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FCC gets an #@!%

I’m seldom excited by the decision of the courts in our land. There are few surprises and most issues fall off my radar before any decision is made. By the time the courts actually get around to letting us know their take (and therefore the law of the land – at least for now), it’s rarely a hot topic.

July 13th, however, was a great day. The Second Circuit tore apart the FCC’s stance on censorship – namely that their arbitrary and fleeting definition of “patently offensive” was applied inconsistently and when applied, without substantive explanation.

Obscenity (and, ostensibly “patently offensive”) are personal definitions. Much as the court itself has struggled with defining “pornography”, the FCC had a poor policy and it applied it in a less than uniform manner. For some great examples, check the opinion yourself (just Google FCC and it’ll pop), it’s rare to see our judges have to delineate the nuances of curse words.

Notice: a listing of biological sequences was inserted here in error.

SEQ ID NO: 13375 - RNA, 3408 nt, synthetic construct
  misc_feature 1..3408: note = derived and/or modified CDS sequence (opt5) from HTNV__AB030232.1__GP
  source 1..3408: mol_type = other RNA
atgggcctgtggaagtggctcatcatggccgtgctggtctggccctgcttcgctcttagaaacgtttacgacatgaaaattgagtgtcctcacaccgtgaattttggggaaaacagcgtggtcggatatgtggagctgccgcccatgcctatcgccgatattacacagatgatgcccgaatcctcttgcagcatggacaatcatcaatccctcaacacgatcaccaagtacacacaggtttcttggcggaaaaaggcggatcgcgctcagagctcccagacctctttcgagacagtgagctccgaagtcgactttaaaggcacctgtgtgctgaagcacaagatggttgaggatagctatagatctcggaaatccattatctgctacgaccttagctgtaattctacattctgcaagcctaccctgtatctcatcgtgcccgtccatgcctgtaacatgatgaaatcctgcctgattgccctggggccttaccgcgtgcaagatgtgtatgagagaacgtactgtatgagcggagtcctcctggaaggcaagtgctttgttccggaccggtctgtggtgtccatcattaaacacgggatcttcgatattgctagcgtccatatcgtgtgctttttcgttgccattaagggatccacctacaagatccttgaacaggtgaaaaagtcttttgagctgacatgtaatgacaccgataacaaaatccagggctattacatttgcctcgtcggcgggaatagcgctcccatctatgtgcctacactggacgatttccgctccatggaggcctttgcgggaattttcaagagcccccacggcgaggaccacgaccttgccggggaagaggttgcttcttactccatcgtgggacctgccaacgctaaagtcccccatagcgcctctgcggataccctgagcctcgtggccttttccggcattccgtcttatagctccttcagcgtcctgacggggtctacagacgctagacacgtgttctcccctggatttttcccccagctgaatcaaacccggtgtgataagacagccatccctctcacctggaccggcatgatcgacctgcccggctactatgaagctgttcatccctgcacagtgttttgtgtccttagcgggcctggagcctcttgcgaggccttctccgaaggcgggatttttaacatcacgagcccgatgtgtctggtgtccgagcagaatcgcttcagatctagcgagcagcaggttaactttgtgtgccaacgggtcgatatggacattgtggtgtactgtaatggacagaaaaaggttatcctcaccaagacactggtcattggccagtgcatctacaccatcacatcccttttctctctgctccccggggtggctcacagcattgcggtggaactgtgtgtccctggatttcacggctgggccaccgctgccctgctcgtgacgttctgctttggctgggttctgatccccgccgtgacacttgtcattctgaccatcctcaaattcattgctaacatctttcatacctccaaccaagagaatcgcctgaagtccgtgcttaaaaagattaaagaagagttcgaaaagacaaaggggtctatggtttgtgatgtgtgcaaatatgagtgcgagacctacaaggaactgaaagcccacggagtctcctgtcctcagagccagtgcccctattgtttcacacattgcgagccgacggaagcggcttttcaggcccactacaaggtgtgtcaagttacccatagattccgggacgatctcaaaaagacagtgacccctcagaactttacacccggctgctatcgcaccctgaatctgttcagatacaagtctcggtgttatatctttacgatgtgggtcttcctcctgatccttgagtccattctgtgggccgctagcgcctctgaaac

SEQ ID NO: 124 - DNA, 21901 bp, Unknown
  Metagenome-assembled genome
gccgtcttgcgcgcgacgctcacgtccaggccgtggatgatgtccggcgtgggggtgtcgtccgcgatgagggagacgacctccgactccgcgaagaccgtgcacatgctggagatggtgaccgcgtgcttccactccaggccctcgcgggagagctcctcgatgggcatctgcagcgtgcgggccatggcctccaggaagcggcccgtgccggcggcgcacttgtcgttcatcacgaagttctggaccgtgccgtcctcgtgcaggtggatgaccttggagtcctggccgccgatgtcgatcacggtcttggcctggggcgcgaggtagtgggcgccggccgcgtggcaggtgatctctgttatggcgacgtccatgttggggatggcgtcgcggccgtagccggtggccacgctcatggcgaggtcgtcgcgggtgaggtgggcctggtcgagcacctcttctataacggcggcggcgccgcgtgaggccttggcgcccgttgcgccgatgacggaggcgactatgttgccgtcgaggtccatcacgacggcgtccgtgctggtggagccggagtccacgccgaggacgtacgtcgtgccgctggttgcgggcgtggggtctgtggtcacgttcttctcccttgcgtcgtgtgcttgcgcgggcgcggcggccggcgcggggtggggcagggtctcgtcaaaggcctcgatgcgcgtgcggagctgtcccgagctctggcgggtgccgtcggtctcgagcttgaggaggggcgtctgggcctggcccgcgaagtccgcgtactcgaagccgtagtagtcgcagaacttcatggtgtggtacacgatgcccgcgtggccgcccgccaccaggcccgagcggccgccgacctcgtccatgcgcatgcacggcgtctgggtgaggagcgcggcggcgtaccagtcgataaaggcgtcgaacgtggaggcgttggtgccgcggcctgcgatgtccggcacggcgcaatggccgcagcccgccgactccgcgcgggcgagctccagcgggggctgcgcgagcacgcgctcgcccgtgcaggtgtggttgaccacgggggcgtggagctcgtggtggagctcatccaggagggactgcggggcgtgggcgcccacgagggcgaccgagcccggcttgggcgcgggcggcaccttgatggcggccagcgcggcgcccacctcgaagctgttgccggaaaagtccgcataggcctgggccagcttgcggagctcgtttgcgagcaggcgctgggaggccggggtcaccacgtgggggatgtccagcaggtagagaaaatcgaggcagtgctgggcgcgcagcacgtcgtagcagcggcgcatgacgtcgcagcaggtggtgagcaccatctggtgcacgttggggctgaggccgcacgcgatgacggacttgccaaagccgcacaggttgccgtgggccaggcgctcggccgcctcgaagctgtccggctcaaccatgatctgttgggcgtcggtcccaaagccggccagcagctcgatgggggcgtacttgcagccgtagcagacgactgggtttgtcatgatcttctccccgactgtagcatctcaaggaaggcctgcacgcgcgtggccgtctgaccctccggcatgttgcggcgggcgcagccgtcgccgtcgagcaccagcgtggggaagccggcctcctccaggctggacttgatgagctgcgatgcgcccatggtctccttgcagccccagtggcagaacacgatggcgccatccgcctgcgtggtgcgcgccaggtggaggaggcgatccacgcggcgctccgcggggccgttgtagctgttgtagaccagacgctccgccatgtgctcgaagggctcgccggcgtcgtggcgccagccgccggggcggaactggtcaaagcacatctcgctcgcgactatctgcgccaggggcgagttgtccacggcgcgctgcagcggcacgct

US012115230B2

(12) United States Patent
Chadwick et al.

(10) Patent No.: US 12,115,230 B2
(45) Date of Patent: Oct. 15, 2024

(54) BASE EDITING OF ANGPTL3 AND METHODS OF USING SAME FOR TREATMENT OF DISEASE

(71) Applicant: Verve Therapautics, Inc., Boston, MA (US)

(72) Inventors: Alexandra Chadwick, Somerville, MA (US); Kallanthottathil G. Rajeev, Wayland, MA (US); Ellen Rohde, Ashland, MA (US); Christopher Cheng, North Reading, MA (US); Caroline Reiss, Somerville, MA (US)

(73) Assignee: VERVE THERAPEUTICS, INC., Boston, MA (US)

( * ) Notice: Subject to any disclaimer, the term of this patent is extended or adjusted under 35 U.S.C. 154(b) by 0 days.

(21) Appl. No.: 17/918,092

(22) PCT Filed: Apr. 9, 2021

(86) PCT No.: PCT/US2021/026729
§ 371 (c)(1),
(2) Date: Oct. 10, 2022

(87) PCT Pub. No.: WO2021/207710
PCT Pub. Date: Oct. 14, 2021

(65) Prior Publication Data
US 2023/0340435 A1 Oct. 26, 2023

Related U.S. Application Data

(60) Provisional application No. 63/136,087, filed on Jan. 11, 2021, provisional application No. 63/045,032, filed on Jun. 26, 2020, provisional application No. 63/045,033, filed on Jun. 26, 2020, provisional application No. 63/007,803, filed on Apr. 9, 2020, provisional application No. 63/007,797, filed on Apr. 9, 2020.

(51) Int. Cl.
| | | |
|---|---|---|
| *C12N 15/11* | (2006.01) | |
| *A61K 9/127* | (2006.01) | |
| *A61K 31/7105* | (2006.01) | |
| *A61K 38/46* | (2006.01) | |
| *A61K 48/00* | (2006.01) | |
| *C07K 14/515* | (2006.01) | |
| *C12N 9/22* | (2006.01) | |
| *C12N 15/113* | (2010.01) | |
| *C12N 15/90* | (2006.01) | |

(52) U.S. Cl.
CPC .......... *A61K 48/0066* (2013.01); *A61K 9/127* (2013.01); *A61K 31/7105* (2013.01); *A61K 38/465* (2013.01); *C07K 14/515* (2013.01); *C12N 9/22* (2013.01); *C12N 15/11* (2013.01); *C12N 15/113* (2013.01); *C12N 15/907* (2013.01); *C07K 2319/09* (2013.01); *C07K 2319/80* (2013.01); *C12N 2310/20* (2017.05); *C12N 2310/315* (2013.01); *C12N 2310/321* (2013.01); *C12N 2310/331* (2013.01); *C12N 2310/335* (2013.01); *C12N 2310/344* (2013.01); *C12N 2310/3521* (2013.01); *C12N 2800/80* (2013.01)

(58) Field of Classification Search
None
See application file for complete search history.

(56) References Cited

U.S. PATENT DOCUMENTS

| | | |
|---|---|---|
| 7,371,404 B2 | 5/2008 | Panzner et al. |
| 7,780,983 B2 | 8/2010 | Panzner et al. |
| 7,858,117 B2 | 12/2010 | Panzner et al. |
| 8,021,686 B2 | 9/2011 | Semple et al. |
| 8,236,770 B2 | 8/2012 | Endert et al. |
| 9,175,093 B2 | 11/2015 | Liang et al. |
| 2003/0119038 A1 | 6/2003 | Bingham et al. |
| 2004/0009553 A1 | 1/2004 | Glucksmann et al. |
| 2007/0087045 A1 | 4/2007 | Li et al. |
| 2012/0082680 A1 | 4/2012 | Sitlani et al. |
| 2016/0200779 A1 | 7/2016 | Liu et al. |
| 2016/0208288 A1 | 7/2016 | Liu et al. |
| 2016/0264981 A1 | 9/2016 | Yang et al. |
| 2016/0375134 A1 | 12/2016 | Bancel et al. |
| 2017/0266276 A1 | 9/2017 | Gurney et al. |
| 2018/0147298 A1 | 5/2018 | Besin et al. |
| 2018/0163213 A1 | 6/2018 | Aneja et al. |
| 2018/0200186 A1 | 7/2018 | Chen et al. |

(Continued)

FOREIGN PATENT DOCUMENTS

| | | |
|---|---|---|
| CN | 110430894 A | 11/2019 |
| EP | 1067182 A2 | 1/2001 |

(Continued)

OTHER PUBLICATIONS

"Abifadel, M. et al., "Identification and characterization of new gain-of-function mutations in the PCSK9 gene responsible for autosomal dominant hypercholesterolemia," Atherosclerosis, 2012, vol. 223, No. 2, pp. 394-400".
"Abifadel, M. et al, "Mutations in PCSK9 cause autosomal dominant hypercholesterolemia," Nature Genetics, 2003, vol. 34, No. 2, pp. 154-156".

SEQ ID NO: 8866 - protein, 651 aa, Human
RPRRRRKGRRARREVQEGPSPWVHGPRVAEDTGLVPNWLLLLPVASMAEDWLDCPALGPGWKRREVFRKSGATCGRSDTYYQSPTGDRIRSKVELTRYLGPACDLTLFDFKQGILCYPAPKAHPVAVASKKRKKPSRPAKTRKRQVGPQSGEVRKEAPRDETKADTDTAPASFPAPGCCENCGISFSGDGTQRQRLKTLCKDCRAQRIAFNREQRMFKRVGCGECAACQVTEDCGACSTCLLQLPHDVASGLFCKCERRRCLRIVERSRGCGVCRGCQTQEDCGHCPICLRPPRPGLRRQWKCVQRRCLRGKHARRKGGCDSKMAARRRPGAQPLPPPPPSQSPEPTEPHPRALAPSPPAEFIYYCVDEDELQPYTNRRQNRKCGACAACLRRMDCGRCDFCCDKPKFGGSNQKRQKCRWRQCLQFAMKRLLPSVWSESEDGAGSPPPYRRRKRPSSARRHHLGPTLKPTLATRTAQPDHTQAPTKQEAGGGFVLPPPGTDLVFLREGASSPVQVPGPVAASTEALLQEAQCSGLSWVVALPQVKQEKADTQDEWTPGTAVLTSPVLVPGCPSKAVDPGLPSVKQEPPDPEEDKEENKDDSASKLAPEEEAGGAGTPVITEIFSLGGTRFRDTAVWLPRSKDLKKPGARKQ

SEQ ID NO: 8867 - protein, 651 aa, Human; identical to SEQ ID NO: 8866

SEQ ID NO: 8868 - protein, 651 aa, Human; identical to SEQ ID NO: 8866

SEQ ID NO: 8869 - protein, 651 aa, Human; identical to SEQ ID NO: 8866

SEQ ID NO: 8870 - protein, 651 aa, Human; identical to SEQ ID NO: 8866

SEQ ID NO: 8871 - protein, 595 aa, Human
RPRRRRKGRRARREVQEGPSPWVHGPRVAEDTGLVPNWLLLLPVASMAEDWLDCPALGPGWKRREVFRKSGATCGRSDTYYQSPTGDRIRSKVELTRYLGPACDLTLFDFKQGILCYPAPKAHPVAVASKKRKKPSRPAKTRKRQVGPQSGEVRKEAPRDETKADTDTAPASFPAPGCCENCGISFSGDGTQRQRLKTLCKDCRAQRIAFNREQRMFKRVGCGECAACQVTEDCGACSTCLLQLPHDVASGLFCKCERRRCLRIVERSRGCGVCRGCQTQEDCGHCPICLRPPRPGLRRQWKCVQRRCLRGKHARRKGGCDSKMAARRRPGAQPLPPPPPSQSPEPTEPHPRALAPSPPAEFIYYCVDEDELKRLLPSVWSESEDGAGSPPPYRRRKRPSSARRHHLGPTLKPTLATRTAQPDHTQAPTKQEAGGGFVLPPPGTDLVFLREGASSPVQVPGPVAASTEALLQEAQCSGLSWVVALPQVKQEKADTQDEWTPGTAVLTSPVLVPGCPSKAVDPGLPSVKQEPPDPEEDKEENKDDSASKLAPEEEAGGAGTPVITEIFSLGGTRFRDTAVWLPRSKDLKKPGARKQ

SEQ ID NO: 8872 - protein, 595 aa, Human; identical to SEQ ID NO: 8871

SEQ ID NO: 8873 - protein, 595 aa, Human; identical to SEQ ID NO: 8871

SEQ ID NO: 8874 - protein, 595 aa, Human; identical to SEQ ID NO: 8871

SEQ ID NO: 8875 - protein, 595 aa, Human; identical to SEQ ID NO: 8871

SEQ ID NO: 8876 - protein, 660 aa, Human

It’s personal. It’s age appropriate. It’s ours to control – change the channel or don’t watch.
I have a son. Though he’s too young to understand any salacious programming, I already find myself wanting to censor his reception. And this is where the control should be. Let me make the decision. Make me parent. Censorship doesn’t remove the content I want my son to avoid – it just softens it with lousy overdubs.

The next step would logically be an appeal to the Supreme Court. The current constitution of the Court will likely hold the decision and part of me wants to see an even lengthier dissertation on the absurdity of the FCC. What about you?